(ii) E is less than both P and L (E < P, E < L). Here it follows from (6.148) that if E < P, the consumer would be better off in the base year, and it follows from (6.150) that if E < L, the consumer would not be better off in the current period. Again, we obtain an unequivocal answer that if E < P and E < L, then the consumer would be better off in the base period, i.e., his standard of living falls in the current period from what it was in the base period.

(iii) L > E > P. If L > E, or, E < L, then by (6.150), it cannot be said whether the consumer would be better off or worse off in the current period over the base period, and if E > P, then by (6.152), we cannot say that he would be better off in the base year. Consequently, in this case, no definite conclusion can be drawn in respect of improvement or deterioration in the standard of living of the consumer between the two periods.

(iv) P > E > L. If P> E, or, E < P, then by (6.148) the consumer’s standard of living falls in the current period, since he prefers the base year basket to the current year one, and if E > L, then by (6.146), the consumer’s standard of living increases in the current year, since he prefers the current year basket to that of the base year.

Therefore, in this case also we cannot draw any definite conclusion regarding a change in the consumer’s welfare, and this is the situation where the weak axiom of the revealed preference theory has been violated.

This situation is illustrated in Fig. 6.112. Here the base period budget line is P_{0}P’_{0} and the current period budget line is P_{1}P’_{1}. Let us suppose that the consumer chose R (q_{01}, q_{02}) on IC_{1} when the budget line was P_{0}P_{0}‘and T (q_{t1}, q_{t2}) on IC_{2} when the budget line was P_{1}P_{1}‘. Since LL’ lies below P_{1}P_{1}‘ and is parallel to it and since R is on LL’ and T is on P_{1}P_{1}‘, it must be true that expenditure at R at (p_{t1}, p_{t2}) must be less than that at T at (p_{t1}, p_{t2}), i.e., we would have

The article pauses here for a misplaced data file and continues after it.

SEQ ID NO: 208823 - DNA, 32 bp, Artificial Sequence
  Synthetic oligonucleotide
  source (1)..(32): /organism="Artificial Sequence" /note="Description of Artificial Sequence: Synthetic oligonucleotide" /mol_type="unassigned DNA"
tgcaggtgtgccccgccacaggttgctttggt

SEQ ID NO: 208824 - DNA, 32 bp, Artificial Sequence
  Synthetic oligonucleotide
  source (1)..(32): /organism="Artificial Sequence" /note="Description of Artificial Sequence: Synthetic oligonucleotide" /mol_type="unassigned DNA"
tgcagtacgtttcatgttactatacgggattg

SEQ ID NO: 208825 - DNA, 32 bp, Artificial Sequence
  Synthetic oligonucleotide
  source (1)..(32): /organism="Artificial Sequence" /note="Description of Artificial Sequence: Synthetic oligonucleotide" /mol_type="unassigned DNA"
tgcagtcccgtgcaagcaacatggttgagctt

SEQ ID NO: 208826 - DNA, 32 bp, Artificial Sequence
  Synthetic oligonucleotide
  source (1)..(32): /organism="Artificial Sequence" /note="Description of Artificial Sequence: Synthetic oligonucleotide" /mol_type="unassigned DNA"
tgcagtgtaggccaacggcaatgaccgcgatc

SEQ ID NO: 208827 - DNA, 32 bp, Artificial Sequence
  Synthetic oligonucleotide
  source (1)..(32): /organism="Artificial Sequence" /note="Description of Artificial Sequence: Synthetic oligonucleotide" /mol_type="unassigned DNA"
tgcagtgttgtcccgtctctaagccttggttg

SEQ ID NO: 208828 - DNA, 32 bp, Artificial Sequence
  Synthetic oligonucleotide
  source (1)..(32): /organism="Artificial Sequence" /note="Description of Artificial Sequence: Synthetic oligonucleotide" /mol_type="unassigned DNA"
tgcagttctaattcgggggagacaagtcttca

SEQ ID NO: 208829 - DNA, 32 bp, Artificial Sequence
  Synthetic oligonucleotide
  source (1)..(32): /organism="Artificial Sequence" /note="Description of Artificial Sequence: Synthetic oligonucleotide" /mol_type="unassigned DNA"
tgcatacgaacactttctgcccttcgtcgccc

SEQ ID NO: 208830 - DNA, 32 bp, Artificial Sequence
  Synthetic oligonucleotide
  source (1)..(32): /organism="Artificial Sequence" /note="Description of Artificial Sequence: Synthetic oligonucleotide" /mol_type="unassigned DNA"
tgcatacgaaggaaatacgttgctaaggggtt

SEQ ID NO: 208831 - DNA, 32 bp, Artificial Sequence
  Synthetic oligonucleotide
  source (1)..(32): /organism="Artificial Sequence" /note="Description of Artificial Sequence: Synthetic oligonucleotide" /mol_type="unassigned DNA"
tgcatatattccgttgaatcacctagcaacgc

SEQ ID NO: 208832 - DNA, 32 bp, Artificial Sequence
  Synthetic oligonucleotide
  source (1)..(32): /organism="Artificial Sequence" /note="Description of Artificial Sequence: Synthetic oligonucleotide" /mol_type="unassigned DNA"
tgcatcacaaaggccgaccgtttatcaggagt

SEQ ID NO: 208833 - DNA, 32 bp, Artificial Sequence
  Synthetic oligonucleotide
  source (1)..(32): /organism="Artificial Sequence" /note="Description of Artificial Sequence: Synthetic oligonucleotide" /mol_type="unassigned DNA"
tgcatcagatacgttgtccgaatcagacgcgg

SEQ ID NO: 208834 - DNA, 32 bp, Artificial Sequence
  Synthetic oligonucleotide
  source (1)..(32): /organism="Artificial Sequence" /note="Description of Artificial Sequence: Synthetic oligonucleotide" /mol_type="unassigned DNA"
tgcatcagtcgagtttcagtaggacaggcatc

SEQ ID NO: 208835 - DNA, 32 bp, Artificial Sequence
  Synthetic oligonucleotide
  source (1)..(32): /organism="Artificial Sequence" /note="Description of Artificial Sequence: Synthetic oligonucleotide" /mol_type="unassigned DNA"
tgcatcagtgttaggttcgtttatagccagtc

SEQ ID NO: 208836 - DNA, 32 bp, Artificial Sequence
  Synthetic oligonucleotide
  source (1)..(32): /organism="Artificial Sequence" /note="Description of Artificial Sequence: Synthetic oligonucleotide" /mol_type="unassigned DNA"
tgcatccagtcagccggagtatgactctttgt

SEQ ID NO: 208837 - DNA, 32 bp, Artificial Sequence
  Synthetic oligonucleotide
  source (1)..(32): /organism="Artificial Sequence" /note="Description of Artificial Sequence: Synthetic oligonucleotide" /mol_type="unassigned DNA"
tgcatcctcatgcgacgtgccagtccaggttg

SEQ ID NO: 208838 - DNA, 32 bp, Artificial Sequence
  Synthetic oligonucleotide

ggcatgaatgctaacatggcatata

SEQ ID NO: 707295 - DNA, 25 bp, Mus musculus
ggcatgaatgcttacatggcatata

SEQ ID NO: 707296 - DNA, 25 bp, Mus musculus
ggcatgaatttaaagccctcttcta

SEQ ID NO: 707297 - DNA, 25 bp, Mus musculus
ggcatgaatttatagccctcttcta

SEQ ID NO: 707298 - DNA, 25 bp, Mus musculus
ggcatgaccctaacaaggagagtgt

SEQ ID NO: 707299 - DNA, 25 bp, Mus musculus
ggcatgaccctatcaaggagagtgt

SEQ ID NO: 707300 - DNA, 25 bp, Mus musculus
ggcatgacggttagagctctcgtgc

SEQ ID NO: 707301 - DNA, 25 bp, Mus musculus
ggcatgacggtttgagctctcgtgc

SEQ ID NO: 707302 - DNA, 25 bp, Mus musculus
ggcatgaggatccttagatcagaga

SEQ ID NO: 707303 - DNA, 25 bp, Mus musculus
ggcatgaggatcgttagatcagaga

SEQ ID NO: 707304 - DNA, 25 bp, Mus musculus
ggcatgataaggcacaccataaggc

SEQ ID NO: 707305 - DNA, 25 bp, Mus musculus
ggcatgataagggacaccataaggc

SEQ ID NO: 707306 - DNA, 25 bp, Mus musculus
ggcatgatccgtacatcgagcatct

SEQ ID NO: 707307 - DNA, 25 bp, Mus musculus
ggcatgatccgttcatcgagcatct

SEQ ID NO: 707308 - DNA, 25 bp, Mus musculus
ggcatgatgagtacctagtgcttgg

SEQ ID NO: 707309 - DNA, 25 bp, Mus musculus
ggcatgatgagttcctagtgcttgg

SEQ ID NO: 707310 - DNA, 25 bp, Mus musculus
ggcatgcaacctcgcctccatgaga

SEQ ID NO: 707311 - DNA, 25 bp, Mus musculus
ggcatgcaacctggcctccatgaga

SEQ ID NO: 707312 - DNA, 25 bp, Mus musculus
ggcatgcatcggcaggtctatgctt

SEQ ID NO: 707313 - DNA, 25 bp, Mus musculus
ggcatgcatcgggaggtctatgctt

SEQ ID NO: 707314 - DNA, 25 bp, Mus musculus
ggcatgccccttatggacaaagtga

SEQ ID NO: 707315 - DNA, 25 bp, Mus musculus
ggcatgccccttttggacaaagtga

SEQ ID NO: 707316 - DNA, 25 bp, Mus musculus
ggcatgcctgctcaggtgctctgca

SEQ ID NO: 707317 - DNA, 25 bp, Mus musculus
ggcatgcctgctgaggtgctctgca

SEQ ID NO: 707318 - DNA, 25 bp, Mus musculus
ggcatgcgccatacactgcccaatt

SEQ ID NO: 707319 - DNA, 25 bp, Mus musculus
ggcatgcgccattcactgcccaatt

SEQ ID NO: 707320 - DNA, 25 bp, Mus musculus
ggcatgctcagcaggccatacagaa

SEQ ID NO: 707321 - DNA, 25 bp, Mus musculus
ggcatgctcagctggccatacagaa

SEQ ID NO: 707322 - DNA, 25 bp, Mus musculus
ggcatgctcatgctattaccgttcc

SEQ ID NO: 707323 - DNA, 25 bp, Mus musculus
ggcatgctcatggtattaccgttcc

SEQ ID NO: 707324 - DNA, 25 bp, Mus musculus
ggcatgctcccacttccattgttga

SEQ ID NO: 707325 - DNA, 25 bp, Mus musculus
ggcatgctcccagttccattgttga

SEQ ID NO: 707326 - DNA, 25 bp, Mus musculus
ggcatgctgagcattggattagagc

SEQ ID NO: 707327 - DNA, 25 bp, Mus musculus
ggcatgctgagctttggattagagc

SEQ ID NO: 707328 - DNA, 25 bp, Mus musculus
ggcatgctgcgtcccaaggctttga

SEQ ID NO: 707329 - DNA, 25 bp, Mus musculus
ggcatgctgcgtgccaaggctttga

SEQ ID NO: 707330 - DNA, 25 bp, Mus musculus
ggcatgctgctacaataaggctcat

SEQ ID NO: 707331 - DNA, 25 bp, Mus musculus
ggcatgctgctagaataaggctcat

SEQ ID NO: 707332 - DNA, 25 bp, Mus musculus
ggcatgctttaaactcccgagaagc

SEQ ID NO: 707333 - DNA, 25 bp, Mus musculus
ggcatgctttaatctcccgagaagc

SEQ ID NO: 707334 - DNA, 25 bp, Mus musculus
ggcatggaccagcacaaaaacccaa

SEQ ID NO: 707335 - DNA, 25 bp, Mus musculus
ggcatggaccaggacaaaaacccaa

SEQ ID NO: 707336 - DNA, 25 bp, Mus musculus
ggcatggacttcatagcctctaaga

Also, since the point T (q_{t1}, q_{t2}) is on MM’ which is parallel to p_{0}p_{0} but lies below it, T has the same prices as p_{0}p_{0}’ but has less expenditure than the point R (q_{01}, q_{02}) which lies on P_{0}P_{0}’, i.e., we have

Thus, we have P > E > L. But in this case, there is inconsistency. This is also obvious from Fig. 6.112. The consumer could have purchased T in the base period, since T lies below the base period budget line p_{0}p_{0}’, but he actually chose R, implying that he prefers R to T.

But in the current period, he could have had R, since R lies below the current period budget line P_{1}P_{1}‘, but he chose T, implying that he prefers T to R.

This is inconsistent if his tastes remain unchanged between the base period and the current period, and the weak axiom of revealed preference is not complied with. This inconsistency is also reflected in the fact that the ICs through R and T, viz., IC_{1} and IC_{2}, have not been obtained to be non-intersecting—they have intersected at the point S.

We have seen, therefore, that it is sometimes possible to determine whether the consumer’s standard of living has increased or decreased by means of index number comparisons. However, there may be situations where we cannot arrive at any definite conclusions or where the results may be contradictory.

**Example 1**: